The burnishing you see on the tank is from a wire wheel. These tanks and many of the new ones you receive are coated in clear lacquer. The only reasoning for this is rust prevention and to make anyone who solders it extremely hot headed. This is a real pain to get off. Once heated it will contaminate the solder joint usually resulting in a leak. It's more troublesome to remove it then it is to fix the tank itself. When wire wheeling it, it moves around rather than come off. I re solder every joint on the tank. In addition, I cut back the clear coat much further than the joint to prevent any contamination when resoldering.  It's as if it just melts and I feel my description of burnishing better describes what happens to it when it is wire wheeled. Rusty, I will get this out to you ASAP when I get it boxed up. Just some FYI the exiting pickup is dead soft now so if more of a bend is requires it could be done with little finger pressure. Ken
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Re: Broken nose, all fixed... Final Installment(s)

Post  RknRusty on Sat Sep 12, 2015 10:21 am

That looks great, Ke. When I took the back off of mine, the vent is a big 8th inch from the top too, so I woun't even notice a difference.
Thanks very much for your help. I'll be Monokoting and finishing all the other details.
Rusty

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Re: Broken nose, all fixed... Final Installment(s)

Post  TDbandit on Sat Sep 12, 2015 11:38 am

RknRusty wrote:That looks great, Ke. When I took the back off of mine, the vent is a big 8th inch from the top too, so I woun't even notice a difference.
Thanks very much for your help. I'll be Monokoting and finishing all the other details.
Rusty
It's good to see that it's coming back together man looks great! I wish I could help ya too it's just metal hard tanks are not my forte at least not yet anyway. I can set one up but taking one apart I haven't done yet. That is coming though since I have a brand new Brodak 4 oz that failed the pressure test and has slag rattling around inside so it's got to come apart. It's for my twister which I will be starting on soon after I get my dad's ringmaster done. (Bandit)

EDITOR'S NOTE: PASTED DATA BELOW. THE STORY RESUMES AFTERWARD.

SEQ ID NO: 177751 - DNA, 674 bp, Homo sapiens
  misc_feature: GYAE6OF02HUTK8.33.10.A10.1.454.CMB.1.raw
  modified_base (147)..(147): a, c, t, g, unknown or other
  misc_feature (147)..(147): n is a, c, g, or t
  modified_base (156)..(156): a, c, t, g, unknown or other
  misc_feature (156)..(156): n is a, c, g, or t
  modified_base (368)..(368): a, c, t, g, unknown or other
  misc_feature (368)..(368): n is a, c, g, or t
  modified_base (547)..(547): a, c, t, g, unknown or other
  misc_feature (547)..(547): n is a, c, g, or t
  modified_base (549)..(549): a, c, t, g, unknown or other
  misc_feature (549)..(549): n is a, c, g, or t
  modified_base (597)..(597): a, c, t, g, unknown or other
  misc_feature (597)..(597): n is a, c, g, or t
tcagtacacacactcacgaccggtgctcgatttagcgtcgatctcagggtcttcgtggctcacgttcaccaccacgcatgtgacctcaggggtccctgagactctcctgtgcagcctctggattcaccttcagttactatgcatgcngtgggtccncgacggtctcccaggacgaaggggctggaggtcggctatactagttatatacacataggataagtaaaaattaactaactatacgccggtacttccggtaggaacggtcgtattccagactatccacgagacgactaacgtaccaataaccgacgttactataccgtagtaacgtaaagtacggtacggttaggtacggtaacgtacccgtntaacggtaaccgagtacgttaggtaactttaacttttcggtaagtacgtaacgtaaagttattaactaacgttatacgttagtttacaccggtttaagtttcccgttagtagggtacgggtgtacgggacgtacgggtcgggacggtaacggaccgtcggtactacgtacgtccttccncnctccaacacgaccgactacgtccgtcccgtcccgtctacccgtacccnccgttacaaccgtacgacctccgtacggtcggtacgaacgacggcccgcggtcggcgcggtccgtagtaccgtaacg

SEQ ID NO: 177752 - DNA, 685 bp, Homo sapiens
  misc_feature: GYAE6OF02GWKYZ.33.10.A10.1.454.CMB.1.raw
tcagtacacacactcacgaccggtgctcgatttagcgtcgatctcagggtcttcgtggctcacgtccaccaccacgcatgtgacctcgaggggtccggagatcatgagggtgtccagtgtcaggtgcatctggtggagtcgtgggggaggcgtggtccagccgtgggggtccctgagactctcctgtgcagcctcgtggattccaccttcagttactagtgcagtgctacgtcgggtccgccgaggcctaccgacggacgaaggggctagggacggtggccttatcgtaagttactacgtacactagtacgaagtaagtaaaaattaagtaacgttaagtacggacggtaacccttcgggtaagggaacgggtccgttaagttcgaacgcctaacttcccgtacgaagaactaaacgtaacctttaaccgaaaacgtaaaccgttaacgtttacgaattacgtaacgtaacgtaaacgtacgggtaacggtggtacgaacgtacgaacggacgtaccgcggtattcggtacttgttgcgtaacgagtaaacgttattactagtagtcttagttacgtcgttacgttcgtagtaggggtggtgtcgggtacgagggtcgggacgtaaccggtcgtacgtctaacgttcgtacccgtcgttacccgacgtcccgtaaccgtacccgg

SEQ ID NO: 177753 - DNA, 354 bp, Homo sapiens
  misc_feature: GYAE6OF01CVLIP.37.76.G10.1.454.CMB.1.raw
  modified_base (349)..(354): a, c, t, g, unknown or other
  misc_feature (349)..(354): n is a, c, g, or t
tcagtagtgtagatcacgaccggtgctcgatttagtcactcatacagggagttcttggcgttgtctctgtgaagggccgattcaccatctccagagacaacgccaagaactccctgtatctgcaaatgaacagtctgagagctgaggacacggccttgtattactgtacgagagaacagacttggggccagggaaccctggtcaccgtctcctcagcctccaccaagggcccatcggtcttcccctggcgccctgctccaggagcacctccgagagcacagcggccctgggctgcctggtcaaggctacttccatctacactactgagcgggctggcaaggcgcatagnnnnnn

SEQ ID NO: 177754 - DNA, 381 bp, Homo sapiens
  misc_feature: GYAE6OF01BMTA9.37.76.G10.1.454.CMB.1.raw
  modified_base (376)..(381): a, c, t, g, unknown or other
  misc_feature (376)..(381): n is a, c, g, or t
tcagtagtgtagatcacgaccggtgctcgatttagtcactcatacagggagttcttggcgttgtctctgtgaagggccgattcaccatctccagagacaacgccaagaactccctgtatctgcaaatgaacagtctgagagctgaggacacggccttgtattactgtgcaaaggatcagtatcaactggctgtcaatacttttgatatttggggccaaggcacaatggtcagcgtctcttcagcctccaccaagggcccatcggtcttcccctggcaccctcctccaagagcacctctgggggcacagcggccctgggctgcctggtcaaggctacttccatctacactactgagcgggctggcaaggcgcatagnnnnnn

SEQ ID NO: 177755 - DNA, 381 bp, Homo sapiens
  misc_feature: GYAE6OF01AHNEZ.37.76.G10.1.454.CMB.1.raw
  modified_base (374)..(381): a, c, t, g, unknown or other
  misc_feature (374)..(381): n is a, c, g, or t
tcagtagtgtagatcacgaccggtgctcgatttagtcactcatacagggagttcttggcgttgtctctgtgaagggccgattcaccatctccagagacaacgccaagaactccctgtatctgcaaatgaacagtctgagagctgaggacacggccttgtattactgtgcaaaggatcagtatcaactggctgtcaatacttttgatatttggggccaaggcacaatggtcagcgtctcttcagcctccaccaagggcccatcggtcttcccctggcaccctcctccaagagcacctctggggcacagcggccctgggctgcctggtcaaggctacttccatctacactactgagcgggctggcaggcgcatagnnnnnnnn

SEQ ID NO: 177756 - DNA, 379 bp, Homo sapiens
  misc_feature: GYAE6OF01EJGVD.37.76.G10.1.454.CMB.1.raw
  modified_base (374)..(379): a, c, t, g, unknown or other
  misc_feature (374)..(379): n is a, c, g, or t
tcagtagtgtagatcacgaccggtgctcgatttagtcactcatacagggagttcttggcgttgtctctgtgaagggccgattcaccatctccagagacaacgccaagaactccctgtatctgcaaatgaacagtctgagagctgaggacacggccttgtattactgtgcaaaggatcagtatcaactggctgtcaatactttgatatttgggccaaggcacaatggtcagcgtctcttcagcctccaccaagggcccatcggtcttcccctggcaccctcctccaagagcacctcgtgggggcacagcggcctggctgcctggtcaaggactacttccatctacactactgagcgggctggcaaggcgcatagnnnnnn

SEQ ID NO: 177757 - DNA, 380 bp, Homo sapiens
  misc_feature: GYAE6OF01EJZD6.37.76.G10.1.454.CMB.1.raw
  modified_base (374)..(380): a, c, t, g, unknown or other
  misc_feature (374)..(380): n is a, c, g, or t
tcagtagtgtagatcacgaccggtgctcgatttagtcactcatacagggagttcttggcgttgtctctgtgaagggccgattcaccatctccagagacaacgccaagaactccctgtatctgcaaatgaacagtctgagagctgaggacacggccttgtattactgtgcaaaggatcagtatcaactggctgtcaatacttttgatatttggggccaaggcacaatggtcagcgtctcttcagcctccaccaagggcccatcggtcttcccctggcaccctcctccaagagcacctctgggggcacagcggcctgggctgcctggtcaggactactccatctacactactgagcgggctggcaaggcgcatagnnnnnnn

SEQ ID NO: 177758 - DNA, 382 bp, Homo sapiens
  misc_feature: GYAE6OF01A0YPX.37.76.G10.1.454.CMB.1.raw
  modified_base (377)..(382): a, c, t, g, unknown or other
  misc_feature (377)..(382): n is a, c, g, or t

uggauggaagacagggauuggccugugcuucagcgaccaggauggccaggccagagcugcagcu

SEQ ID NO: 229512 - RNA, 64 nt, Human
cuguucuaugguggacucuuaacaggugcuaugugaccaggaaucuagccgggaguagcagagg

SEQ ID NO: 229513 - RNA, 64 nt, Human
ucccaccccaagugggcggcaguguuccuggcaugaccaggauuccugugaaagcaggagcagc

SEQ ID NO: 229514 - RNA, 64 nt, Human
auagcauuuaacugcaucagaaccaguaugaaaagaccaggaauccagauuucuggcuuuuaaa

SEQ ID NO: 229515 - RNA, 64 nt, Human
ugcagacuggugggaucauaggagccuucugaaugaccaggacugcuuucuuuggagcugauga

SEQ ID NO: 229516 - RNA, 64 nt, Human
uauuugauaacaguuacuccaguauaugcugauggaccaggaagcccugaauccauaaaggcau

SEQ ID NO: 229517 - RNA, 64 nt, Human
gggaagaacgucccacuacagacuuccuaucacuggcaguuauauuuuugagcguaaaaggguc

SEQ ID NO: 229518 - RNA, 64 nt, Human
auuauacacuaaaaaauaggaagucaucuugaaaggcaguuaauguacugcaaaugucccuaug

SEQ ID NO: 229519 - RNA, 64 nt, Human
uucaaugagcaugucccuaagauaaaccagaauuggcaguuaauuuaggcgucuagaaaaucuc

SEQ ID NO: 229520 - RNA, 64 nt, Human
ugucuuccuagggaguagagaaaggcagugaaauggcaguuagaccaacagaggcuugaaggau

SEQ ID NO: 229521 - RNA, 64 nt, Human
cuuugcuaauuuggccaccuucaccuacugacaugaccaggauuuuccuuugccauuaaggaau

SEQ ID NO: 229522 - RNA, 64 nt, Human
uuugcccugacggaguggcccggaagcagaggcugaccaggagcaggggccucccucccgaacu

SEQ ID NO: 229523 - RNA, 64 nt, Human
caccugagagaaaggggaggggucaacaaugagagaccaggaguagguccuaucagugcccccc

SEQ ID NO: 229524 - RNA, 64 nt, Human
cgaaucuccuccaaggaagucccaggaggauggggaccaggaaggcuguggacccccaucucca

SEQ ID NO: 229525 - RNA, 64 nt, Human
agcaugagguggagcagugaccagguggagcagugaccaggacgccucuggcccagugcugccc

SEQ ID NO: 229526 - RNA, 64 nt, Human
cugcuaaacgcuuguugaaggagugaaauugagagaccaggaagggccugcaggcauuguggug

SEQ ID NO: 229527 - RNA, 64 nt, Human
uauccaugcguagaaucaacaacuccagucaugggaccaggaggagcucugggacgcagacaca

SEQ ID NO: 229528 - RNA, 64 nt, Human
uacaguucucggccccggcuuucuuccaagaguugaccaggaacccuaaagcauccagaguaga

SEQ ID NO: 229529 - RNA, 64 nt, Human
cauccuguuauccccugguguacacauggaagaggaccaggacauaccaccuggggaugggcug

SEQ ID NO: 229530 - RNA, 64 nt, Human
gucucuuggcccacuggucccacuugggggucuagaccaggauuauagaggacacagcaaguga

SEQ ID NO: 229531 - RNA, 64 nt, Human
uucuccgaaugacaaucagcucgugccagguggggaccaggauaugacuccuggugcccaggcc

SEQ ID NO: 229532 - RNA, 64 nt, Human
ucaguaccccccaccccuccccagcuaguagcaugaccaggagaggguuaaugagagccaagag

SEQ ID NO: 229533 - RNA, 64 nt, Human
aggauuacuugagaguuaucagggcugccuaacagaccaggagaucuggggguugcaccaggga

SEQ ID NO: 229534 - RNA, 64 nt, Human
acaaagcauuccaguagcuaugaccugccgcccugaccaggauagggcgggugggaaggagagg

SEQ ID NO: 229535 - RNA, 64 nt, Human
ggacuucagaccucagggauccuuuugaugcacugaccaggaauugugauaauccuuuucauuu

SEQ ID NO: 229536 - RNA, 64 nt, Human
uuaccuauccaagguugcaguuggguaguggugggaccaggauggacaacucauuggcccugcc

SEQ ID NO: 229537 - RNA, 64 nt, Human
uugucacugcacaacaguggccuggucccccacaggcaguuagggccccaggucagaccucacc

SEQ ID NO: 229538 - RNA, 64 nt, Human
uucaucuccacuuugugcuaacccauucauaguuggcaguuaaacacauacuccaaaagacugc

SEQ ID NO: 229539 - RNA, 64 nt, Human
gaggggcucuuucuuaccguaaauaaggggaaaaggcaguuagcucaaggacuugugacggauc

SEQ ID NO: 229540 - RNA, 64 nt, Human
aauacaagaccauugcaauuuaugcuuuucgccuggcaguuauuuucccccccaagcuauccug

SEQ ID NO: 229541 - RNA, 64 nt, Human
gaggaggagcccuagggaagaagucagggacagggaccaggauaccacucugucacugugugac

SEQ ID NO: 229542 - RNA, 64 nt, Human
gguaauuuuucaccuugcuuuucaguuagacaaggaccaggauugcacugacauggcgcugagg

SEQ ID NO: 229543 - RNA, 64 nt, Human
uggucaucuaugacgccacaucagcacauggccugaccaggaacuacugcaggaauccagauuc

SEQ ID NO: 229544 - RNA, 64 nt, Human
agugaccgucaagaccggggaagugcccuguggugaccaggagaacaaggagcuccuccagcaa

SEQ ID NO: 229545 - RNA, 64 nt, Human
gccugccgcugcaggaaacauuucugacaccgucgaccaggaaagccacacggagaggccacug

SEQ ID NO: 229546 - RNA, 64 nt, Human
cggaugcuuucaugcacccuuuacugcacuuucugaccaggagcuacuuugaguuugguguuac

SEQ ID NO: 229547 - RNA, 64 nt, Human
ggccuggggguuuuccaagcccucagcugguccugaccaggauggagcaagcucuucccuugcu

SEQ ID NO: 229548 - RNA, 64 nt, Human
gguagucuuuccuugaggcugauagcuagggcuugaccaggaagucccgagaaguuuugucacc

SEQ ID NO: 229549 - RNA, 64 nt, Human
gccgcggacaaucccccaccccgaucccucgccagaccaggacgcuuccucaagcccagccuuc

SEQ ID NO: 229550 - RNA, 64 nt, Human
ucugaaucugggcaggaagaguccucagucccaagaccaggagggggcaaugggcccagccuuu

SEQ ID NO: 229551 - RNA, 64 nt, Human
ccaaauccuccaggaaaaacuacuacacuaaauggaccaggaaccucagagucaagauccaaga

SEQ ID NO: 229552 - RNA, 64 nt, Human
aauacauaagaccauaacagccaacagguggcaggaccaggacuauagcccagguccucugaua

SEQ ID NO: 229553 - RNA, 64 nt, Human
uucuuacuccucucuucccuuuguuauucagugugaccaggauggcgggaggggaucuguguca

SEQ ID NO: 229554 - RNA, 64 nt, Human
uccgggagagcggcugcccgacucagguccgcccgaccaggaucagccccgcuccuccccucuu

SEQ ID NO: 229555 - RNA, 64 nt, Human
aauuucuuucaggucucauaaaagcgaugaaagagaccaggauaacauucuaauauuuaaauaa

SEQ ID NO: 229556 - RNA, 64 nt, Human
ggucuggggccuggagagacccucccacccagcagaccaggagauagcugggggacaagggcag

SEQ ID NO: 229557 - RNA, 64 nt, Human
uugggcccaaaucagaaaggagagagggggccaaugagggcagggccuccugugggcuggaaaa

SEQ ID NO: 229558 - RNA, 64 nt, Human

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Re: Broken nose, all fixed... Final Installment(s)

Post  roddie on Sat Sep 12, 2015 1:12 pm

TDbandit wrote:
RknRusty wrote:That looks great, Ke. When I took the back off of mine, the vent is a big 8th inch from the top too, so I woun't even notice a difference.
Thanks very much for your help. I'll be Monokoting and finishing all the other details.
Rusty
It's good to see that it's coming back together man looks great! I wish I could help ya too it's just metal hard tanks are not my forte at least not yet anyway. I can set one up but taking one apart I haven't done yet. That is coming though since I have a brand new Brodak 4 oz that failed the pressure test and has slag rattling around inside so it's got to come apart. It's for my twister which I will be starting on soon after I get my dad's ringmaster done. (Bandit)

Yea.. it takes patience to solder. Preparation is everything. One thing I learned (through my limited experience) is to make sure that any holding-fixtures/clamps/wedges etc.. won't "sink" heat away from the work. I learned this when trying to tack the feed and uni-flow tubes to the inside lower-rear corner of my 1st tiny speed tank. I had tried to use an alligator-clip to hold the tubes in position.. bad idea. I thought something was wrong with my iron. The paste-flux was sizzling and flowing.. but the solder wasn't melting. A small wooden wedge/plug to hold the tubes in position, made a night and day difference. I was only using a small (sub 30W) pencil iron.. but it worked fine once I figured that out. I since made a little wooden jig/clamp.. but haven't tried it yet.